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Slavery’s Supply Chain Challenge

June 25, 2021
The issue of forced labor is not going away as governments wrestle with how to respond.


Eliminating forced labor from the supply chain was one of the resolutions adopted by the leaders of the G-7 nations at their most recent meeting, in what is seen as an attempt to confront China over terrible conditions it has imposed on minorities in that country.

The joint communique was released at the conclusion of the summit and was signed by the heads of state of the United Kingdom, Canada, Italy, France, Japan, Germany and the United States.

“The U.S. and our G-7 partners remain deeply concerned by the use of all forms of forced labor in global supply chains, including state-sponsored forced labor of vulnerable groups and minorities and supply chains of the agricultural, solar and garment sectors—the main supply chains of concern in Xinjiang,” the White House said in an announcement.

The pointed reference to the Chinese province of Xinjiang was a public snub of that country’s widely condemned persecution of its Muslim Uyghur population, which includes forced labor prison camps where these people also are subjected to harsh re-education campaigns and intrusive surveillance when they are released from confinement.

Western countries have become increasingly alarmed over China’s build-up of its armed forces, aggressive talk regarding Taiwan and the South China Sea, as well as by views expressed in official outlets and publications making no secret of its ultimate strategic goal of overtaking the U.S. as the world’s No. 1 superpower. Western and other observers also were disturbed by the Chinese Communist government’s crackdown on political protesters in Hong Kong.

On the other hand, when it comes to the U.S., a well-honed strategic response seems lacking. In a February televised townhall meeting, President Biden gave confused and confusing answers to questions about China’s human rights abuses. At one point he seemed to dismiss the seriousness of the charges by stating that, as he said he explained to China’s President Xi Jinping in a conversation they had, “Culturally there are different norms that each country and their leaders are expected to follow.”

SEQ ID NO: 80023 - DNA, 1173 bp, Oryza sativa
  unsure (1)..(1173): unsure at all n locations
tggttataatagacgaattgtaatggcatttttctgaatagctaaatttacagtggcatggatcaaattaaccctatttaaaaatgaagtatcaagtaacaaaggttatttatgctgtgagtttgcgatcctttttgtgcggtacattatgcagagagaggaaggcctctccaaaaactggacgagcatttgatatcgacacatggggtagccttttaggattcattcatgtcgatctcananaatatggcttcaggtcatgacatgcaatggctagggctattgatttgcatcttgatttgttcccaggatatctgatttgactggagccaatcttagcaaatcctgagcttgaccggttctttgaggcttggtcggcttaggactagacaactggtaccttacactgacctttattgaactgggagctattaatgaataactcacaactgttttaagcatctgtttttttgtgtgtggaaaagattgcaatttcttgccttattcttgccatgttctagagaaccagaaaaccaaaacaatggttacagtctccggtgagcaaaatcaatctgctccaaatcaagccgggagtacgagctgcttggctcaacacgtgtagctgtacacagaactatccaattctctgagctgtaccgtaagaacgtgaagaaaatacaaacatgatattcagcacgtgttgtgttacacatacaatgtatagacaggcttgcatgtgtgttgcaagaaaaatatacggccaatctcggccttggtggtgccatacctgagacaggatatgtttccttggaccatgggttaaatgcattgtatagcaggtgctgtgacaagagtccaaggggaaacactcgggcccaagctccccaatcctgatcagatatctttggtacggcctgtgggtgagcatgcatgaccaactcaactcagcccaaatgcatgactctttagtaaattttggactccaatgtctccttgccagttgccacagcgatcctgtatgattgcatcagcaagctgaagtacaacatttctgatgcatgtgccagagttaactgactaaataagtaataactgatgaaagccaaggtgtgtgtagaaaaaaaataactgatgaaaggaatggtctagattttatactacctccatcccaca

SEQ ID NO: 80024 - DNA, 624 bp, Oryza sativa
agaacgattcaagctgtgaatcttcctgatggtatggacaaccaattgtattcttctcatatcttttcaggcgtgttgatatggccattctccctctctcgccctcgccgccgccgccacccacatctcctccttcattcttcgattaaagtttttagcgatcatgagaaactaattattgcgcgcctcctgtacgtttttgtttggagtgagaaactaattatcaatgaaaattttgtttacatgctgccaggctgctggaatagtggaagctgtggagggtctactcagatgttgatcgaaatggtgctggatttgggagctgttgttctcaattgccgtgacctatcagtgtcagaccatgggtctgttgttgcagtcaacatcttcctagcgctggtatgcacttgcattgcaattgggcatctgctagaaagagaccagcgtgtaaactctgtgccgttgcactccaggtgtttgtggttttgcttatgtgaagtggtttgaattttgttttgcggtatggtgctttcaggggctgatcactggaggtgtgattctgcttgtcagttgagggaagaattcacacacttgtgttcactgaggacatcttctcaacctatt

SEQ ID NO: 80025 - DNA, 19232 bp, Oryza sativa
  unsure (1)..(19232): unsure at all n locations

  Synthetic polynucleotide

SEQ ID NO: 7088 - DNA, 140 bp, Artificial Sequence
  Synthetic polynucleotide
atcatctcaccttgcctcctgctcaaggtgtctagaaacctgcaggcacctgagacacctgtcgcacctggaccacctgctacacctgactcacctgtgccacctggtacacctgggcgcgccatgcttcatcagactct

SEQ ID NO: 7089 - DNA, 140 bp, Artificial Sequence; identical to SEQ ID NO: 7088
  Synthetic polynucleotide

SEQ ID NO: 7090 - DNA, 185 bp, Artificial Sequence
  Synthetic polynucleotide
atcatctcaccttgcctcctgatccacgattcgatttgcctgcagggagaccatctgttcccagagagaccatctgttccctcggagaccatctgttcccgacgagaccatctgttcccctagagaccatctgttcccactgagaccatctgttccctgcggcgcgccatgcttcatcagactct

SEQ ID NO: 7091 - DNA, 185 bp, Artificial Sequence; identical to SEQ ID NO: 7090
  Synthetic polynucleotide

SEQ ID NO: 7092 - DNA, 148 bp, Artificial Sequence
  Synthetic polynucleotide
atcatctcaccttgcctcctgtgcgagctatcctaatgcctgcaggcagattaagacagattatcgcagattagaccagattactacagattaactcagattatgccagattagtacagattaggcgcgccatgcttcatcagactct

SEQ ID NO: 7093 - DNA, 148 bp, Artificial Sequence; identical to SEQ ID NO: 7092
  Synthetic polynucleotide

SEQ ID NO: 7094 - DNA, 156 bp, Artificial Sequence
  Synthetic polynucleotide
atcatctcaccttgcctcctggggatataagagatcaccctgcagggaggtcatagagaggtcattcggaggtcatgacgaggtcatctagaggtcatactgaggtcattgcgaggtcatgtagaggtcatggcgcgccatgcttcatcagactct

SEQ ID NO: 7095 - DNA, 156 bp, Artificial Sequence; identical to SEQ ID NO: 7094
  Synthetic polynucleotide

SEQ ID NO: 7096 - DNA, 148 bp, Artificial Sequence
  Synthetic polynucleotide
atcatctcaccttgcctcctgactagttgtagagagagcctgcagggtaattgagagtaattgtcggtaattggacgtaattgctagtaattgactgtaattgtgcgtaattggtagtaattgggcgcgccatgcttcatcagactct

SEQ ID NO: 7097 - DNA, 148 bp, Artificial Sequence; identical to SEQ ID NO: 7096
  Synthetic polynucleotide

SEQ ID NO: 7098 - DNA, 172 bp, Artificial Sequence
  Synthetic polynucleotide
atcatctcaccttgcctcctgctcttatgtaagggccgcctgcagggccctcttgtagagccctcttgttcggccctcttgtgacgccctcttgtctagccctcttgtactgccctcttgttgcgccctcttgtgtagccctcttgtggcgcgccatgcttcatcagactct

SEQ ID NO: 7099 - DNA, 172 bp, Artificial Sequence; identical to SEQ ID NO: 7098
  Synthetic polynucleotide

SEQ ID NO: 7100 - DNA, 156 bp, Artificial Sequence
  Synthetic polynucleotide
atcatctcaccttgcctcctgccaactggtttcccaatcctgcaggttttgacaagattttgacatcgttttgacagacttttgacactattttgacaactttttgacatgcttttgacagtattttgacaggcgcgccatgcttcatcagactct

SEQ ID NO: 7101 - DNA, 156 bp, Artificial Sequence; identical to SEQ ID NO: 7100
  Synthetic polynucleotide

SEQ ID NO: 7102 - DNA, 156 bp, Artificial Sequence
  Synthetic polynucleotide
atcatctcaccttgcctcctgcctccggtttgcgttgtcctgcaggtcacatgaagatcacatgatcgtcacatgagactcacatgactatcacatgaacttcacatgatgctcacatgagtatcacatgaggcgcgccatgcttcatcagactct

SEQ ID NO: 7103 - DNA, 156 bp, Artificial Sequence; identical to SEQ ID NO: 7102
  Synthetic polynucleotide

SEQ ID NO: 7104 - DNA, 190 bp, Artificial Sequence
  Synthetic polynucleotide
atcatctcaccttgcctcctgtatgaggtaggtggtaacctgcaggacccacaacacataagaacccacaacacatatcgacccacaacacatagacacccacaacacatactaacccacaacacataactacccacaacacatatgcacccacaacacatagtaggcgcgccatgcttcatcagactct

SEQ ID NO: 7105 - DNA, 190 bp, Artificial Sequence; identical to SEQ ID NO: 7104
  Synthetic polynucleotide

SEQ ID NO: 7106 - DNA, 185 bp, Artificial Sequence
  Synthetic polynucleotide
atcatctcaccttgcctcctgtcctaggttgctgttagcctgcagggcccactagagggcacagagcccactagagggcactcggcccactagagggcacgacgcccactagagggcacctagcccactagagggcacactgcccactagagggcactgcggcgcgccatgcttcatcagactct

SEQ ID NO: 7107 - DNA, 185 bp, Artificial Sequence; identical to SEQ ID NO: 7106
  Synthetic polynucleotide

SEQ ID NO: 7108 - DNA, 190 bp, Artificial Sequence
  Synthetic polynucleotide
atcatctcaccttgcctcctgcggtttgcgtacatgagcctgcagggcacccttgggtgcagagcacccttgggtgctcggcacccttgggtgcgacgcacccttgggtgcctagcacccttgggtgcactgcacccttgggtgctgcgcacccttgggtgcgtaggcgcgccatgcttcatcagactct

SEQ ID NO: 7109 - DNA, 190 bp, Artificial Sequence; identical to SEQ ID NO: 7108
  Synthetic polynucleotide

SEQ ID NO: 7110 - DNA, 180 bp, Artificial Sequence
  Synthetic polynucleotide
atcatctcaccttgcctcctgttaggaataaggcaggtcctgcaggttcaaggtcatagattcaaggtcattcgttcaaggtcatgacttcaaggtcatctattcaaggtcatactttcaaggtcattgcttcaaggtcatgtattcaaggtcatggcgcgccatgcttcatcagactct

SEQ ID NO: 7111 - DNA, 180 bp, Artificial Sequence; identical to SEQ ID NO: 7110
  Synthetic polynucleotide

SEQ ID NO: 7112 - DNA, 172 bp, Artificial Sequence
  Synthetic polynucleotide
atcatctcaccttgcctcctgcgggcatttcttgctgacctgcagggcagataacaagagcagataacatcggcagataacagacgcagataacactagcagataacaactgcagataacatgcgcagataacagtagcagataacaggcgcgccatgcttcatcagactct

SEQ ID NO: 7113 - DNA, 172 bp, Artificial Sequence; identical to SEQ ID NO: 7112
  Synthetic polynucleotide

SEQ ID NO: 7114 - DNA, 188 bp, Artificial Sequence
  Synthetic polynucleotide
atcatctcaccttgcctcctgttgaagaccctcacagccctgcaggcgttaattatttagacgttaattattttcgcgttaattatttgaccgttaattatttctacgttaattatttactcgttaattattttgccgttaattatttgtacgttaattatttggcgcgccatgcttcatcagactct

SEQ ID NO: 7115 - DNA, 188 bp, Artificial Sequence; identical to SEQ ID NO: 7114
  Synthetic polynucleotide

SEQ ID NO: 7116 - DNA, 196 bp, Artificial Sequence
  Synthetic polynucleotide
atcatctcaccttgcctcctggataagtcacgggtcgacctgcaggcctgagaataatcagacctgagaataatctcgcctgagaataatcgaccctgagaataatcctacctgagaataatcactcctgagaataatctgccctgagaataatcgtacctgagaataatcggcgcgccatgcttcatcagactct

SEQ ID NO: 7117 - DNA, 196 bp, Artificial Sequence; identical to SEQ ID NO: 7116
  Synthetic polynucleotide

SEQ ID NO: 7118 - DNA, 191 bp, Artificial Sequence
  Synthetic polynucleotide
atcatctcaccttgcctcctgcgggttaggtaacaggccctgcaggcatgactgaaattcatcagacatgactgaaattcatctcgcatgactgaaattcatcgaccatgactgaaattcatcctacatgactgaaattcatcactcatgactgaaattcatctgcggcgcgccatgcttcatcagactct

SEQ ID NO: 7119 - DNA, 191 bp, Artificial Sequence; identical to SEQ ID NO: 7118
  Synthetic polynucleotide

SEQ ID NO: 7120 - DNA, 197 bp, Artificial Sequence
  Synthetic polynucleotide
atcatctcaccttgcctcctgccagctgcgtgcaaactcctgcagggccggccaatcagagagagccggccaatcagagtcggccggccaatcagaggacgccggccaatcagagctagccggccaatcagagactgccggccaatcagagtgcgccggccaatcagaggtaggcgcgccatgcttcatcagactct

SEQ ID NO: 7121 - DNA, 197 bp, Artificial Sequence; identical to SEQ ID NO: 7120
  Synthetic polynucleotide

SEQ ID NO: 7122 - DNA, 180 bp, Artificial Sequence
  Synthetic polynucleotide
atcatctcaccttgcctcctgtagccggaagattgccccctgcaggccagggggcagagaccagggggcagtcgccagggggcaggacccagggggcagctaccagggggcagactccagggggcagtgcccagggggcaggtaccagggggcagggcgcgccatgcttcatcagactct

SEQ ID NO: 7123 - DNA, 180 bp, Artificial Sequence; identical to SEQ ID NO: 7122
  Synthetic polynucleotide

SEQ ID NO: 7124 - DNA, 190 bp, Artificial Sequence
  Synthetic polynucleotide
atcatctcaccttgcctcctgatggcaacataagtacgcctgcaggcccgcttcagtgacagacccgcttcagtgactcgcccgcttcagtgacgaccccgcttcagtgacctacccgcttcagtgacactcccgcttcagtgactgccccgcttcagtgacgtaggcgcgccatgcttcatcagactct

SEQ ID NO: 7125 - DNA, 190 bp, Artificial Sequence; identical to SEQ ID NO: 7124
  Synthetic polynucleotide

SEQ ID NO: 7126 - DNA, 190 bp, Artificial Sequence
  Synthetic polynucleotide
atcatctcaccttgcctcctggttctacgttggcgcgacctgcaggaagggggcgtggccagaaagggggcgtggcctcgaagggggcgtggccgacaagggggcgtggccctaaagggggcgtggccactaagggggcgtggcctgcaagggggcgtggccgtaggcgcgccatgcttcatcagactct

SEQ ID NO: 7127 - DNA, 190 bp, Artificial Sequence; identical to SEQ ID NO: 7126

Biden added that he told Xi, “No American president can be sustained as a President, if he doesn’t reflect the values of the United States,” which is why he said he would continue to criticize China’s human rights abuses.

Some took Biden’s explanation as a defense of Communist China’s actions, while his supporters saw it as a rebuff. My take: He unwisely made public that he was trying to assure Xi that he was publicly criticizing China’s regime only to maintain a political public persona and expected Xi to do the same.

It didn’t work. Anyone who has read even a little about contemporary China knows how tetchy and overreactive they can be. When a National Basketball Association team assistant coach made even the mildest critical comment about the situation in Hong Kong, China threatened to end the NBA’s highly profitable relationship with it, resulting in a flood of abject apologies, a clampdown on expressions by team players and staff, and even some major stars making flattering public statements gushing about the regime.

China Bites Back, Hard

In March, the U.S. Secretary of State Antony Blinken and Chinese foreign minister Yang Jiechi headed delegations to a summit meeting held in Anchorage, Alaska. China’s top foreign policy official made his American counterpart aware in no uncertain terms that China found America’s human rights criticisms totally unacceptable.

“We believe that it is important for the United States to change its own image and to stop advancing its own democracy in the rest of the world,” Yang declared. “Many people within the U.S. actually have little confidence in the democracy of the U.S. China will not accept unwarranted accusations from the U.S. side.”